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How One Start-Up Used 3D Printing To Butter Up The Market

3D printing helped one company fast-track its frustration-busting invention to potential buyers.

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3D printing helped one company fast-track its frustration-busting invention to potential buyers.

Interviews

How One Start-Up Used 3D Printing To Butter Up The Market

3D printing helped one company fast-track its frustration-busting invention to potential buyers.

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How One Start-Up Used 3D Printing To Butter Up The Market

To paraphrase Jane Austen, it is a truth universally acknowledged that a man in possession of cold butter must be in want of a warm knife.

However, while the difficulty of spreading cold butter on to a slice of bread has long been known, it is only within the last two years that a heated butter knife has come to market.

The idea for the EasiSpread, as it came to be known, came about after Ghazi Chowdrey witnessed his father’s frustration at being able to spread cold butter on to his bread.

During a conversation with his friends Amit Pala and Imtyaz Ali, realisation dawned that there was a simple and highly effective way of addressing this issue. The trio soon began work on their first product – a heated butter knife – and formed AGI Solutions Ltd in order to bring their invention to market.

Capitalising on Pala’s experience as a senior applications engineer, working in defence, aerospace, automotive, and industrial electro-mechanical design, the company designed an instantly heating knife that could be recharged in its own convenient docking station.

3D printing a production-ready part

A working prototype was required if AGI Solutions were to engage with investors and ignite their interest in the product, so Pala submitted a CAD model of the knife to Proto Labs, a manufacturer of prototypes and on-demand production parts.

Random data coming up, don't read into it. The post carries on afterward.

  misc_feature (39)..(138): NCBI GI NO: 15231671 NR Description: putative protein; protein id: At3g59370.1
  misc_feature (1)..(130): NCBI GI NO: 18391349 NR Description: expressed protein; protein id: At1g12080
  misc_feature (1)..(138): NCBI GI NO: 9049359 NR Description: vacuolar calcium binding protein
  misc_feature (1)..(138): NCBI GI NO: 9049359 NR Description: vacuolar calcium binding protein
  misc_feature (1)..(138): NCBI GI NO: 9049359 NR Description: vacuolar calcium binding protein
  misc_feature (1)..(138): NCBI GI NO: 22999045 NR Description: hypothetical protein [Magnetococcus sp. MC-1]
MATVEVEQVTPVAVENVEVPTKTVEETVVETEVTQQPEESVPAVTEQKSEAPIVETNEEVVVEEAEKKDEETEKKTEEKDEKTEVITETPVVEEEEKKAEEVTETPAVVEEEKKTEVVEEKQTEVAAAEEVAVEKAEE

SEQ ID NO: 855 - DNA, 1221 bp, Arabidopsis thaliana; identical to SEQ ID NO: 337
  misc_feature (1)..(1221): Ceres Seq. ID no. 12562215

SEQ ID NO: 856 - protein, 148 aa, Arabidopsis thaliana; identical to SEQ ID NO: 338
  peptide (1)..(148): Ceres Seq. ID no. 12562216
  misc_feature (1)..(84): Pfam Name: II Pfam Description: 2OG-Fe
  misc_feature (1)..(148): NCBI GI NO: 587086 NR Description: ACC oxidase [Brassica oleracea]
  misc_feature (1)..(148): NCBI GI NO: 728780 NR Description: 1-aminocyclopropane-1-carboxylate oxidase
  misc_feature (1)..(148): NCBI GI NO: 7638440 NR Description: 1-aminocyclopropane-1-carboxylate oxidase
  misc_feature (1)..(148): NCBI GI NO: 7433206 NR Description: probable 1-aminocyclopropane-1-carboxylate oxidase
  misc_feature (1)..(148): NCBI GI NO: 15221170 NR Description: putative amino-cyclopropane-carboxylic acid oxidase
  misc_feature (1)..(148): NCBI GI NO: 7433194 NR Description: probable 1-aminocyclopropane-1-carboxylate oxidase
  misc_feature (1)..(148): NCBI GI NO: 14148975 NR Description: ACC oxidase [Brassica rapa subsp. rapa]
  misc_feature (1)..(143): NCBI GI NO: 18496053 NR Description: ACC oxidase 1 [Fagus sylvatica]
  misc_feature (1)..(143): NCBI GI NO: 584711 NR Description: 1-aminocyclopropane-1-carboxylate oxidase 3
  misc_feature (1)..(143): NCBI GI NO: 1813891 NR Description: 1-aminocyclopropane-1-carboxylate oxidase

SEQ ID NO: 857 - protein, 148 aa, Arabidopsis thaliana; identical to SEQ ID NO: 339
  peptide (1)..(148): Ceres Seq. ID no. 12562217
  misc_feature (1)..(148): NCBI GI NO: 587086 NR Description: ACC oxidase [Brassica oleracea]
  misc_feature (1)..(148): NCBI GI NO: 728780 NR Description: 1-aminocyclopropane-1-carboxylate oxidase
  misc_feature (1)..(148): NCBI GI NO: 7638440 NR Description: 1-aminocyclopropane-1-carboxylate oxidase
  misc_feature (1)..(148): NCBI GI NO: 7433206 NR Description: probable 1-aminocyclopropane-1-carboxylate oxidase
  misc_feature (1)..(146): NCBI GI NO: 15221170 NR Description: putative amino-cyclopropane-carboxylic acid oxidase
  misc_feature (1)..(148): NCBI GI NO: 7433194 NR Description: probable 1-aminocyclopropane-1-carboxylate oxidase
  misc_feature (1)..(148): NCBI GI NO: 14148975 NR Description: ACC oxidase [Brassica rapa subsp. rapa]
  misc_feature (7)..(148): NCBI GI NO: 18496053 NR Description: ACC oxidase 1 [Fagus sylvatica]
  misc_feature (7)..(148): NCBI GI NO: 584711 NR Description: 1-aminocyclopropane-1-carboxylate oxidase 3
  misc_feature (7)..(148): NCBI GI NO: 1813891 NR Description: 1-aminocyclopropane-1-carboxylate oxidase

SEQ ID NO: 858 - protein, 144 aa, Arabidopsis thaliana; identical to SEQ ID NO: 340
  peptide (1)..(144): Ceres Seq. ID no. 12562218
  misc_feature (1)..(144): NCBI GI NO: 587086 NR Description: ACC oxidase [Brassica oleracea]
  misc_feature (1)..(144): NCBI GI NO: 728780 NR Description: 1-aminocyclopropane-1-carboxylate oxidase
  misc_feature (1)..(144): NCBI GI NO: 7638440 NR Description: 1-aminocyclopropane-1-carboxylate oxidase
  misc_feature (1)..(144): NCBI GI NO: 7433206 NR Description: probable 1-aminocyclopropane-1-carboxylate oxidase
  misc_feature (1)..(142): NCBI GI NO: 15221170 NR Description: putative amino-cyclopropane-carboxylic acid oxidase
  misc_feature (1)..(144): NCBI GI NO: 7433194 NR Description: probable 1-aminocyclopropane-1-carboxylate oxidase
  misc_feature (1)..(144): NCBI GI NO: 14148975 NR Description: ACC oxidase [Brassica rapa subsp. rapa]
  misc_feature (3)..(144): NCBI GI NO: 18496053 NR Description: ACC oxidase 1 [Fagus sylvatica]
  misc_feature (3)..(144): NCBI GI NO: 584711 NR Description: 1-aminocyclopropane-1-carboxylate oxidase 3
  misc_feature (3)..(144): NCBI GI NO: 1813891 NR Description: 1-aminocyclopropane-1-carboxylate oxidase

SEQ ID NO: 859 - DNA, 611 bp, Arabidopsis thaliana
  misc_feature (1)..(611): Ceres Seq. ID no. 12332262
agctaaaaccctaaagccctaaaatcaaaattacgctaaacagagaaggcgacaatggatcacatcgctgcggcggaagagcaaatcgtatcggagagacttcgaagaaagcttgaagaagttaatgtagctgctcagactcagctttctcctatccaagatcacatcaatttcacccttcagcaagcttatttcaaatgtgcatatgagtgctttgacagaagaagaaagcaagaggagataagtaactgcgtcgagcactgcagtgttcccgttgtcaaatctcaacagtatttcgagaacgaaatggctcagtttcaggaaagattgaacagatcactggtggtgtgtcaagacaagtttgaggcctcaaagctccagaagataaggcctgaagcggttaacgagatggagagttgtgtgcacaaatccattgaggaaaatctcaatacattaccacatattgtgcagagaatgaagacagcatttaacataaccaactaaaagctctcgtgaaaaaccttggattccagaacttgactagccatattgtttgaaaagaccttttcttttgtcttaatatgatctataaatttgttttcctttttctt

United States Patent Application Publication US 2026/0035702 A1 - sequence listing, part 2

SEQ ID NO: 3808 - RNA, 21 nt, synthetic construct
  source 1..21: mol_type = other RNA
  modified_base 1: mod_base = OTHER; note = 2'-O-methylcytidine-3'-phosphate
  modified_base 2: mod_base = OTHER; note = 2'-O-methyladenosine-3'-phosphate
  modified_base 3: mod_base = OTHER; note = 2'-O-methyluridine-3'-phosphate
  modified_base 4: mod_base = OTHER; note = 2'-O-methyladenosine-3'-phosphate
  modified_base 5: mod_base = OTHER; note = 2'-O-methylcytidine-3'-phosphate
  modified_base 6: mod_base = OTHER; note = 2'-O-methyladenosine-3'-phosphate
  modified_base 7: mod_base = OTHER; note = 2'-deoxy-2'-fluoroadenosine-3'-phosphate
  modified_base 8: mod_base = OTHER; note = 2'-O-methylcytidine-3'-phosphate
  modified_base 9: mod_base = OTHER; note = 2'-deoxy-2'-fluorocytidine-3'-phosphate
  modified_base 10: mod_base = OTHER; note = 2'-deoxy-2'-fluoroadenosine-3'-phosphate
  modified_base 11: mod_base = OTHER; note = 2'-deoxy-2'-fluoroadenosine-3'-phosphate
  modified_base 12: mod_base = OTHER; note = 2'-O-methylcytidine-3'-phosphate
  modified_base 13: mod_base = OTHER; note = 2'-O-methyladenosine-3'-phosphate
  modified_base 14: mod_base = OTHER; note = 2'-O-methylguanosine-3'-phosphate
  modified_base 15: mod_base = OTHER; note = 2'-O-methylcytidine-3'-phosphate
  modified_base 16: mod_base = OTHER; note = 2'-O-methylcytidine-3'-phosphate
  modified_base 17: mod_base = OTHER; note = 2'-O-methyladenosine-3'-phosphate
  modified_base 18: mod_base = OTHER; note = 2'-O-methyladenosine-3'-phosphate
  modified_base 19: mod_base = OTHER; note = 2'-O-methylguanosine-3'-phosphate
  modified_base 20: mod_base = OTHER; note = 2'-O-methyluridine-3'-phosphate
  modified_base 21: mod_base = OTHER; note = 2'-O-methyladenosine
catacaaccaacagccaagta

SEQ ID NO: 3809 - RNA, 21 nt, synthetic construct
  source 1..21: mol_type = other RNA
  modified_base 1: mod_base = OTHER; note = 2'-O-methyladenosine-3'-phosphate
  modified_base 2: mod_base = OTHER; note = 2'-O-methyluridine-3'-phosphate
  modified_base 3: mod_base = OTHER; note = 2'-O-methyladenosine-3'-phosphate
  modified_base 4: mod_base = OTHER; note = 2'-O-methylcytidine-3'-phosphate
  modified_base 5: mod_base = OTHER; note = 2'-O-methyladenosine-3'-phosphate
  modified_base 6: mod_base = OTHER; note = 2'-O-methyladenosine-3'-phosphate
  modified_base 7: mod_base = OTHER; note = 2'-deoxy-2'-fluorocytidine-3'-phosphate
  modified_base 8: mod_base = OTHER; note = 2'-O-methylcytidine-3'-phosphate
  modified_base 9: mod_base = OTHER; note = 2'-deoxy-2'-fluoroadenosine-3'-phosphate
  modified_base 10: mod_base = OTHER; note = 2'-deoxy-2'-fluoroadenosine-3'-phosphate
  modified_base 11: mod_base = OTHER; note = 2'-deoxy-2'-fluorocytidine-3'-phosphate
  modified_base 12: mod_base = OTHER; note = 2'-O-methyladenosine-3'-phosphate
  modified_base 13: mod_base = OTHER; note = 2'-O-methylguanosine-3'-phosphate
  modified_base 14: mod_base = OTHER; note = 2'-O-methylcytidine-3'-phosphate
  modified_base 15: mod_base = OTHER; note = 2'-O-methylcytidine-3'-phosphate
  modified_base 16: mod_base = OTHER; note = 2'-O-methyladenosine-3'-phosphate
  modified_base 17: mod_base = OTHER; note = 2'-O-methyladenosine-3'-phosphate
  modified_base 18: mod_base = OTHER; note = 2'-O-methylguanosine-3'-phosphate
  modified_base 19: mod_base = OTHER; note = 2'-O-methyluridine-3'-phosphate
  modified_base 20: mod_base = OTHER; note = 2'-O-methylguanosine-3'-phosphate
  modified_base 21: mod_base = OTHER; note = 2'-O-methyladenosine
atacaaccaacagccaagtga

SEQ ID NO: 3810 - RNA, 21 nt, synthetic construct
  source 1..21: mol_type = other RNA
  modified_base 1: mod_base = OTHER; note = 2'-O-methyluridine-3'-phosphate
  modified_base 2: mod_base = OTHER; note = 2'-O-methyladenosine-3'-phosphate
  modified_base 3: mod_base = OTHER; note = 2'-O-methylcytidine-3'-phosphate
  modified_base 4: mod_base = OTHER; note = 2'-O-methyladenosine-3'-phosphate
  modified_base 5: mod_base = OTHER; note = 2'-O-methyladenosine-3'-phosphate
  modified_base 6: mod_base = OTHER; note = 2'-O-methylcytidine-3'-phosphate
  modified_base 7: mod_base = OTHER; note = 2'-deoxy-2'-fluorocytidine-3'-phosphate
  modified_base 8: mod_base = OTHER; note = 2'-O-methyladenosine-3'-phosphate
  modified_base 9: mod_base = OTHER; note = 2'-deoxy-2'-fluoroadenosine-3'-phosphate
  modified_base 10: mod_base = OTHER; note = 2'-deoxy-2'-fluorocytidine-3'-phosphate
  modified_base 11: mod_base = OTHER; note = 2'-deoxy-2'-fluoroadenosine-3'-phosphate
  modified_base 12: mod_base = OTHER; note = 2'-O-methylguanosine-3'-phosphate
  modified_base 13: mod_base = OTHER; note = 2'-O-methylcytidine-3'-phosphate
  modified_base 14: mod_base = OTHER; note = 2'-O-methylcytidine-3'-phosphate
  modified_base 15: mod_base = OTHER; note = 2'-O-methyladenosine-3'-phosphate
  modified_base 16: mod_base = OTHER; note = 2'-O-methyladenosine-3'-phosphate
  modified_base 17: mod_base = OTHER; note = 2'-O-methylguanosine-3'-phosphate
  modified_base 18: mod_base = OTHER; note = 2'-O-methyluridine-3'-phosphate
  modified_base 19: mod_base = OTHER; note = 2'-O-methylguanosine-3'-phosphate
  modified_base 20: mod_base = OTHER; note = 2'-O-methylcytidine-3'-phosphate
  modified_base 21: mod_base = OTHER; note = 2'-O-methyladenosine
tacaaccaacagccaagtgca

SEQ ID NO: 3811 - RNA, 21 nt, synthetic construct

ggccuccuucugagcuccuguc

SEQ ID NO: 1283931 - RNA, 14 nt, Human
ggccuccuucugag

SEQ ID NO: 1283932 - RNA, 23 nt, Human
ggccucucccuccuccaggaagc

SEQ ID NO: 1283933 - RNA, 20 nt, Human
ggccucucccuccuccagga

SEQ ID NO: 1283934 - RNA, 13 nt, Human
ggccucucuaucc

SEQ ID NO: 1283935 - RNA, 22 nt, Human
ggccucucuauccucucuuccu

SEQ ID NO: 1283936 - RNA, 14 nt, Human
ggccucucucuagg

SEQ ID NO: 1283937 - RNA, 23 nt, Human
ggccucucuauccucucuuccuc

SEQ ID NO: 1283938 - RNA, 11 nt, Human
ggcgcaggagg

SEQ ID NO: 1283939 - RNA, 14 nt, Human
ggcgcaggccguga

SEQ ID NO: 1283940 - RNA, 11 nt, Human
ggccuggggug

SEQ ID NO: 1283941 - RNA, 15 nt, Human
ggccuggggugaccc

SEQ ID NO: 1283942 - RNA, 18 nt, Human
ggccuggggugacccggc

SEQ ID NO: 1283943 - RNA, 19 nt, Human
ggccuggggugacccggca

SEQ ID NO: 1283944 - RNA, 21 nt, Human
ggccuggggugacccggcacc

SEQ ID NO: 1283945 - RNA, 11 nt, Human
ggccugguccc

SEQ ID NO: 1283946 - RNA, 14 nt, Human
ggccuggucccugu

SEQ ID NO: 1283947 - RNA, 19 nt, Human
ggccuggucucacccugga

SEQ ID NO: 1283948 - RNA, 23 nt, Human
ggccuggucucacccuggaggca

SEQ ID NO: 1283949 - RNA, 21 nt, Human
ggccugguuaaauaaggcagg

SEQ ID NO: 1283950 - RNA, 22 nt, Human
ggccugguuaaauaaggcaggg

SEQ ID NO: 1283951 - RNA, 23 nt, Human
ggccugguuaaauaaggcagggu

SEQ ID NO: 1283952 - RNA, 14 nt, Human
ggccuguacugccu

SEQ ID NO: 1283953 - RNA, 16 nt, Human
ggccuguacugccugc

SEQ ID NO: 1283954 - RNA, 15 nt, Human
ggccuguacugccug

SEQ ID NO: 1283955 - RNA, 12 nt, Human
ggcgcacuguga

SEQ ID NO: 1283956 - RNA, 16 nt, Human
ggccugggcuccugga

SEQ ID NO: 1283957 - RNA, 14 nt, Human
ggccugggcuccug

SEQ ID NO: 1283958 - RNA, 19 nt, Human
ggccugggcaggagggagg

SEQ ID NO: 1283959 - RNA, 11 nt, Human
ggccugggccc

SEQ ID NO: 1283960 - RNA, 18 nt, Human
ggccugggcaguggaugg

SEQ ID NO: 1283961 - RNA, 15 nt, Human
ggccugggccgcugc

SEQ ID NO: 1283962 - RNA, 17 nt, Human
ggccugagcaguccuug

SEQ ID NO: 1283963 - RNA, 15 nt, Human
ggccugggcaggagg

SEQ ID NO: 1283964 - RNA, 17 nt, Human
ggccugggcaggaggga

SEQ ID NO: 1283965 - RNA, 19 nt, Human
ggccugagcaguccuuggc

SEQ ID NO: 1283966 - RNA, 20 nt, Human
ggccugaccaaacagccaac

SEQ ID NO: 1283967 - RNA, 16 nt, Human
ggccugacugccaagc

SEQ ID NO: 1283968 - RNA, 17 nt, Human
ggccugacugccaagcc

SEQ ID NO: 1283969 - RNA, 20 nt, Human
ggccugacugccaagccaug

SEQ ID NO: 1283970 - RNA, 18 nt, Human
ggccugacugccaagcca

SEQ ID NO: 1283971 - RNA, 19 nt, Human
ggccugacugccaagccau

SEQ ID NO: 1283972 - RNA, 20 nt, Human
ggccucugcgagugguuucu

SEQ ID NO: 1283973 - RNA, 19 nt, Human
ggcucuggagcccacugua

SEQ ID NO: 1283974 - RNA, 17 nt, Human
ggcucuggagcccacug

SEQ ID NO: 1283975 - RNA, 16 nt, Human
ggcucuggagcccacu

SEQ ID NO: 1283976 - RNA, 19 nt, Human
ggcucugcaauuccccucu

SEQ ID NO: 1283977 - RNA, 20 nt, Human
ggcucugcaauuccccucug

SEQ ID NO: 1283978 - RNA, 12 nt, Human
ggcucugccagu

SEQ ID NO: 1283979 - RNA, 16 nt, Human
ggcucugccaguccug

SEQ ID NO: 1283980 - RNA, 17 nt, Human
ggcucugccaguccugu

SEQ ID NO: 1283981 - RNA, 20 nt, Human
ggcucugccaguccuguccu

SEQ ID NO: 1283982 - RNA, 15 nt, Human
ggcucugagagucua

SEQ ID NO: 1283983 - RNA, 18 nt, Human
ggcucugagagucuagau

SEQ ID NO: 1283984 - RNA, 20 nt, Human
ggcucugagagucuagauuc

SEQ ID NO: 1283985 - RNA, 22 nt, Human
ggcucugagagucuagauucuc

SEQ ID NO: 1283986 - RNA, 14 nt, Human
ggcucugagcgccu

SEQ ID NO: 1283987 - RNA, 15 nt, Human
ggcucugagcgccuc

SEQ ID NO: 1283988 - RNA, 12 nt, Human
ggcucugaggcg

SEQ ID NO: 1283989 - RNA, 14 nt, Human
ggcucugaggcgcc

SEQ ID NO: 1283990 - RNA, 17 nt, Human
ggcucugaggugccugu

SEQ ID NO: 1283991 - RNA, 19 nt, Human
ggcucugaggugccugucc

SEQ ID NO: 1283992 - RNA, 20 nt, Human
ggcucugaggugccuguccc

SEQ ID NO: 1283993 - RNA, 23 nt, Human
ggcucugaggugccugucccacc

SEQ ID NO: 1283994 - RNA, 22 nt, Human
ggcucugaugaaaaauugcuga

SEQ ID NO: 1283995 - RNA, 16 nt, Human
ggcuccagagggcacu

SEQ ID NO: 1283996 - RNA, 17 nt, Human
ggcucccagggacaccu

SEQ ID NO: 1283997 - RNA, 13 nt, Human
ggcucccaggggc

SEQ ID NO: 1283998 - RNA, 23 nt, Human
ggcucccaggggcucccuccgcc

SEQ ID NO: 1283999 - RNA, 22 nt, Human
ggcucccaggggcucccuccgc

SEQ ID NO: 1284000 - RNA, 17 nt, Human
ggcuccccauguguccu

Once they had been analysed, 3D printing technology was employed to develop the designs for the knife’s blade and handle into proof-of-concept parts, using plastics appropriate for the final, manufactured product.

3D printing technology is especially useful in rapid design cycles, which can reduce the time needed to manufacture a part, make improvements during a given time frame, or elements of both.

It also enables designs to be optimised ahead of the actual manufacturing process, which can reduce overall costs, even if 3D printing isn’t used as the end process itself.

What’s more, the technology allows complex design or single components to be manufactured in such a way that, had they been produced using more traditional methods, would have comprised of a number of different parts.

3D printing, depending on the requirements of the design, can be a flexible and relatively inexpensive process. This makes it ideal for start-ups and designers like Pala when building complex prototypes, allowing them to consider and roll out differing product mixes at any stage of the production process.

Once they had produced 3D printed “show and tell” parts, the AGI team then carried out ergonomic testing and took their production-ready prototype to investors to allow the overall concept to be validated.

“We approached Proto Labs to 3D print our product,” says Chowdrey, “which resulted in excellent products to take to market, showing exactly what the finished article will look like when it goes into full manufacture.”

Developing ideas into solutions

The team recognised that their idea could also be applied to another frustration commonly experienced in the kitchen; that of being unable to scoop ice cream straight from the freezer. Using the basic concept of the butter knife as a starting point, Pala designed a scoop that could be heated to a temperature at which even the hardest ice cream could be served.

It was possible in both cases to detach the utensil from the rechargeable handle so that, while the scoop or blade was being washed, the handle could be placed in the docking station to be charged, ready for its next use.

In 2015, EGI’s products, the EasiSpread and the EasiScoop, were entered into the British Inventors’ Project Awards, where they achieved recognition by reaching the top 20. The inventions went on to gain further valuable exposure when they were featured at the Gadget Show Live exhibition at the NEC in Birmingham.

Chowdrey, Pala and Ali are currently engaged in pitching to potential investors to secure funding ahead of launching their products to market. Adopting the umbrella brand “EasiChef”, AGI has the cope to invent and develop a range of innovative kitchen gadgets and utensils for the in the future.

As technology continues to develop and evolve, so AGI Solutions’ success illustrates how advanced manufacturing techniques such as 3D printing can allow a kitchen table conversation to develop into a design created on a CAD screen, before quickly being manufactured into a solution for an everyday problem, while simultaneously establishing a successful and innovative new business.

Stephen Dyson is head of industry 4.0 at Proto Labs.

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How One Start-Up Used 3D Printing To Butter Up The Market

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